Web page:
off


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off

1. Finished with one's work for the day. Often followed by the word "work." I'll be off at 6, if you want to meet me then. I need to get these presents wrapped before my wife gets off work.
2. Not attending work or school. I can't wait to be off on my vacation next month. I'm off for two weeks for Christmas, so we'll definitely hang out then!
3. Not correct or accurate. Often followed by "on (something)." The measurements were a bit off, so the shelves don't fit quite right. Sorry, your guess was way off! They were off on their initial valuation by several hundred thousand dollars.
4. Having begun something. Often followed by "on (something)." Dad's off on another mission to protect us innocent kids from violence in the media. I heard you're travelling to India—when are you heading off?
5. Travelling (to some place). We're off to the Bahamas for the next two weeks! I heard you're travelling to India—when are you heading off?
6. verb To kill someone, especially as a means of silencing or disposing of them. In this usage, the term is usually followed by a noun or pronoun. The gang offed the accountant before he could use his knowledge as leverage with the district attorney. I puked my guts out the first time I offed somebody, now it feels like second nature.

*off (work)

 and off from work; off of work 
1. having left one's work at the end of the day. (*Typically: be ~; get ~.) What time do you get off from work? I get off work about five o'clock. She gets off from work later than I do.
2. absent from one's work with permission. (*Typically: be ~; get ~.) I think I can get off of work so I can go to the doctor. Sorry, I can't join you. Things are busy at the office, and I can't get off.

*off

 (on something)
1. incorrect in one's planning or prediction. (*Typically: be ~; get ~.) I was off on my estimates a little bit. I guess I was off too much.
2. to have started on something, such as a task or a journey. (*Typically: be ~; get ~.) What time should we be off on our trip? We should be off by dawn. I'm off on my diet again.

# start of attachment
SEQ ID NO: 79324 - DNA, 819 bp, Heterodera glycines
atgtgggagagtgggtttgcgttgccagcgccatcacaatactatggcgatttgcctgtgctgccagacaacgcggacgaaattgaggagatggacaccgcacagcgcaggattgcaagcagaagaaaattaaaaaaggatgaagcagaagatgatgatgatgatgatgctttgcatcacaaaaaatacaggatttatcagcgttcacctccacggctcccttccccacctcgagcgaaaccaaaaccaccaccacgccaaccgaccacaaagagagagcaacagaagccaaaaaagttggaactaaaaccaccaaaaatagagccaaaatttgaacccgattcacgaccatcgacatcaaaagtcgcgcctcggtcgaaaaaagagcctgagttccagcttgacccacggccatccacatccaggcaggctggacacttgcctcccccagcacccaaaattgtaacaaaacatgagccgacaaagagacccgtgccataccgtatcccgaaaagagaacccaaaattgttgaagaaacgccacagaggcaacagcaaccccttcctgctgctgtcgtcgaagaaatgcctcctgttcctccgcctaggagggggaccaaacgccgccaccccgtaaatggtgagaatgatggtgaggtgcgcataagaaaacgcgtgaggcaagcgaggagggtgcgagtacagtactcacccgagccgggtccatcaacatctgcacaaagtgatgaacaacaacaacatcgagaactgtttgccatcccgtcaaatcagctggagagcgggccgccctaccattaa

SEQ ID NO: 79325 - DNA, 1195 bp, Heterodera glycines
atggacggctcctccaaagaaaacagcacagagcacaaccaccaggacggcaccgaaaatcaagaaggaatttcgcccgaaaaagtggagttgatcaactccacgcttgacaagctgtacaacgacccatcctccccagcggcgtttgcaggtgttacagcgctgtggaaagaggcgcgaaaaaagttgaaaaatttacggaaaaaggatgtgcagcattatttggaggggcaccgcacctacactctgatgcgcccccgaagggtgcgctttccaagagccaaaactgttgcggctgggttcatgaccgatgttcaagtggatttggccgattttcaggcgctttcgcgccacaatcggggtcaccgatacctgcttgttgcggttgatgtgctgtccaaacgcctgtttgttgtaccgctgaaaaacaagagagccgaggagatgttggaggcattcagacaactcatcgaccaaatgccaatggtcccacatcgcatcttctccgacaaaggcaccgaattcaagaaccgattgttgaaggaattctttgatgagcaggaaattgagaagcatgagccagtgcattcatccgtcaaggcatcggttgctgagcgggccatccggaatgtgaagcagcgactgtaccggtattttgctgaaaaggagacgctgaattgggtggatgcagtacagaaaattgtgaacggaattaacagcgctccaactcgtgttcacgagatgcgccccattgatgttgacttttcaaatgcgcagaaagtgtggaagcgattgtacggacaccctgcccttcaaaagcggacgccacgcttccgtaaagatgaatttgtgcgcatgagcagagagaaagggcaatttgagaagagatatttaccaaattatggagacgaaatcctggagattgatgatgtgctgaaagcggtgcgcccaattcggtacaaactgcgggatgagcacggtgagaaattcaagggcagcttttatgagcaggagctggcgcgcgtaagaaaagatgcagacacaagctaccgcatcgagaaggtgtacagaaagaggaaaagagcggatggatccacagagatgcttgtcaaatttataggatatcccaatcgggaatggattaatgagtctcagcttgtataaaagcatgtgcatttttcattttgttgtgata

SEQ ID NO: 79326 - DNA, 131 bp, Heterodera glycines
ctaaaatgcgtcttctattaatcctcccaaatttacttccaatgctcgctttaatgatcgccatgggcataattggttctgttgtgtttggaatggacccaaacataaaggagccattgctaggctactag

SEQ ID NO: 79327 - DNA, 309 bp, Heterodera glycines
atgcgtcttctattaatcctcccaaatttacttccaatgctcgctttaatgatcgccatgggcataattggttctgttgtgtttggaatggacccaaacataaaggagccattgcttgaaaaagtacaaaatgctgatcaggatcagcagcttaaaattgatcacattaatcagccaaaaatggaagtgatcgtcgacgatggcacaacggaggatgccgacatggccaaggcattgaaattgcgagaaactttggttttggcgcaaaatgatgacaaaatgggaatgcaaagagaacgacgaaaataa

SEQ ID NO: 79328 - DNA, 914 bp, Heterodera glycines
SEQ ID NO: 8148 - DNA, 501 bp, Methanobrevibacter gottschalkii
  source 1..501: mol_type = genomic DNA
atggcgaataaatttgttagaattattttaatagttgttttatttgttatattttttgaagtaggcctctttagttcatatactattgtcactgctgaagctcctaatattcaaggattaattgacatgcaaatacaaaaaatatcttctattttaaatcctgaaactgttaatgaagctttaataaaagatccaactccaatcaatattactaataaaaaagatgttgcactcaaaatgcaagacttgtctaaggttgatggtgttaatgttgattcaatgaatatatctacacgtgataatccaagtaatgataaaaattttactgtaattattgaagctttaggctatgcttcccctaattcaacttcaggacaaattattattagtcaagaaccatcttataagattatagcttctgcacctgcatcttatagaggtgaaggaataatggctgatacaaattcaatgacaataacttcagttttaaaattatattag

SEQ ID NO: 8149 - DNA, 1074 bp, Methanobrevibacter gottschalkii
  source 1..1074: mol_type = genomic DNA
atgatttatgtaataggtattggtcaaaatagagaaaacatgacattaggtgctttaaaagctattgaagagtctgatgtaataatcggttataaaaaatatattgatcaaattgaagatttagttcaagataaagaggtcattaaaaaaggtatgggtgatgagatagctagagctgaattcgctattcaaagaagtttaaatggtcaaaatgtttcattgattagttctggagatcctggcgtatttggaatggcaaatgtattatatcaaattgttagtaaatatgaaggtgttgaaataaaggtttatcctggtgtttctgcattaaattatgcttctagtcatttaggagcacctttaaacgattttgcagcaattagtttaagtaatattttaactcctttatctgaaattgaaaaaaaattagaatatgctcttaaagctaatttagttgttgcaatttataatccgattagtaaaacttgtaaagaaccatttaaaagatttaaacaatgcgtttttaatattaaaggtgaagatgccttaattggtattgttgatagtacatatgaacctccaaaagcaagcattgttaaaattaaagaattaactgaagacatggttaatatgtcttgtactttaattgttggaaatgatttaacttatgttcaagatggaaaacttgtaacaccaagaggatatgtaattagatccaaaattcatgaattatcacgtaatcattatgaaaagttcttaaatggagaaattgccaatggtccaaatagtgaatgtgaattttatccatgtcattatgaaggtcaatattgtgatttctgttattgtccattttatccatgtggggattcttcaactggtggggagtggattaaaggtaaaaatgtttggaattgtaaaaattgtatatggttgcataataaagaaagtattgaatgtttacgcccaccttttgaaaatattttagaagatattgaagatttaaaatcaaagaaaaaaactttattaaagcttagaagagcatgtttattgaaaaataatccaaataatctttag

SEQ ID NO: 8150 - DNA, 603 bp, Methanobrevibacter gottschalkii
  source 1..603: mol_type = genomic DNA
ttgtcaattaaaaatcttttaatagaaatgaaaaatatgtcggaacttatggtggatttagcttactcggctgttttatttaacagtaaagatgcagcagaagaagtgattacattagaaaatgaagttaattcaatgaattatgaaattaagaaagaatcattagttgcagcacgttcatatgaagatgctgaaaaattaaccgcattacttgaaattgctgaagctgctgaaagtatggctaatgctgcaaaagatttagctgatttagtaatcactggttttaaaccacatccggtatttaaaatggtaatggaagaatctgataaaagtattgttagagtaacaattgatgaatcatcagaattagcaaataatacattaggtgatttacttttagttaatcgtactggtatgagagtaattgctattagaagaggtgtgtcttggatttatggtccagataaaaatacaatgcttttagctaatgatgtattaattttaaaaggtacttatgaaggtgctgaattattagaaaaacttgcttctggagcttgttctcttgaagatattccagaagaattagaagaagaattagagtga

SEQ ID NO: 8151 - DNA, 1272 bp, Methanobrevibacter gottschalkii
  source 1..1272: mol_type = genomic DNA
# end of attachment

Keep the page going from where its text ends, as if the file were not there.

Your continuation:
3. Sl. to get high on some kind of drug. Max likes to get off on marijuana.

off on someone or something

in a rage about someone or something; on a tirade about someone or something. Are you off on Sally again? Why can't you leave her alone?
See also: off, on

off

1. mod. alcohol or drug intoxicated. She is truly off.
2. tv. to dispose of someone or something; to kill someone. The crooks offed the witness before the trial.
3. in. to die. (see also outed.) The guy just falls down and offs, right there on Main Street.

offed

verb
See outed
See also: off

off

/out of (one's) gourd Slang
Very foolish; crazy.

off

/out of plumb
Not vertical.
See:
References in classic literature ?
In a dim way I heard a rifle go off and continue to go off.
After their first rush to get me, when about a dozen had dropped, they seemed paralyzed; but he never left off pumping his gun.
I thought everything was over then, when I heard the rifle go off again.
When I used to wear it, if I fell off the horse, it always touched the ground directly.
And then he took the helmet off again--but it took hours and hours to get me out.
You've only a few yards to go,' he said,' down the hill and over that little brook, and then you'll be a Queen-- But you'll stay and see me off first?
The guard had just finished an account of a desperate fight which had happened at one of the fairs between the drovers and the farmers with their whips, and the boys with cricket-bats and wickets, which arose out of a playful but objectionable practice of the boys going round to the public-houses and taking the linch-pins out of the wheels of the gigs, and was moralizing upon the way in which the Doctor, "a terrible stern man he'd heard tell," had come down upon several of the performers, "sending three on 'em off next morning in a po-shay with a parish constable," when they turned a corner and neared the milestone, the third from Rugby.
That autumn he left the beach as soon as he could, and set off alone because of a notion in his bullet-head.
Or else he could see that seals had once visited the island and been killed off, and Kotick knew that where men had come once they would come again.
Seals had come to those islands once upon a time, but men had killed them all off.
The tradition is kept up here that you are the best of skaters," she said, with her little black-gloved hand brushing a grain of hoarfrost off her muff.
Levin rose to his feet, took off his overcoat, and scurrying over the rough ice round the hut, came out on the smooth ice and skated without effort, as it were, by simple exercise of will, increasing and slackening speed and turning his course.
She gave him her hand, and they set off side by side, going faster and faster, and the more rapidly they moved the more tightly she grasped his hand.
Having set some of the "boys" to cut off the best of the giraffe's meat, we went to work to build a "scherm" near one of the pools and about a hundred yards to its right.
Well, there we three sat yarning away in the beautiful moonlight, and watching the Kafirs a few yards off sucking their intoxicating "daccha" from a pipe of which the mouthpiece was made of the horn of an eland, till one by one they rolled themselves up in their blankets and went to sleep by the fire, that is, all except Umbopa, who was a little apart, his chin resting on his hand, and thinking deeply.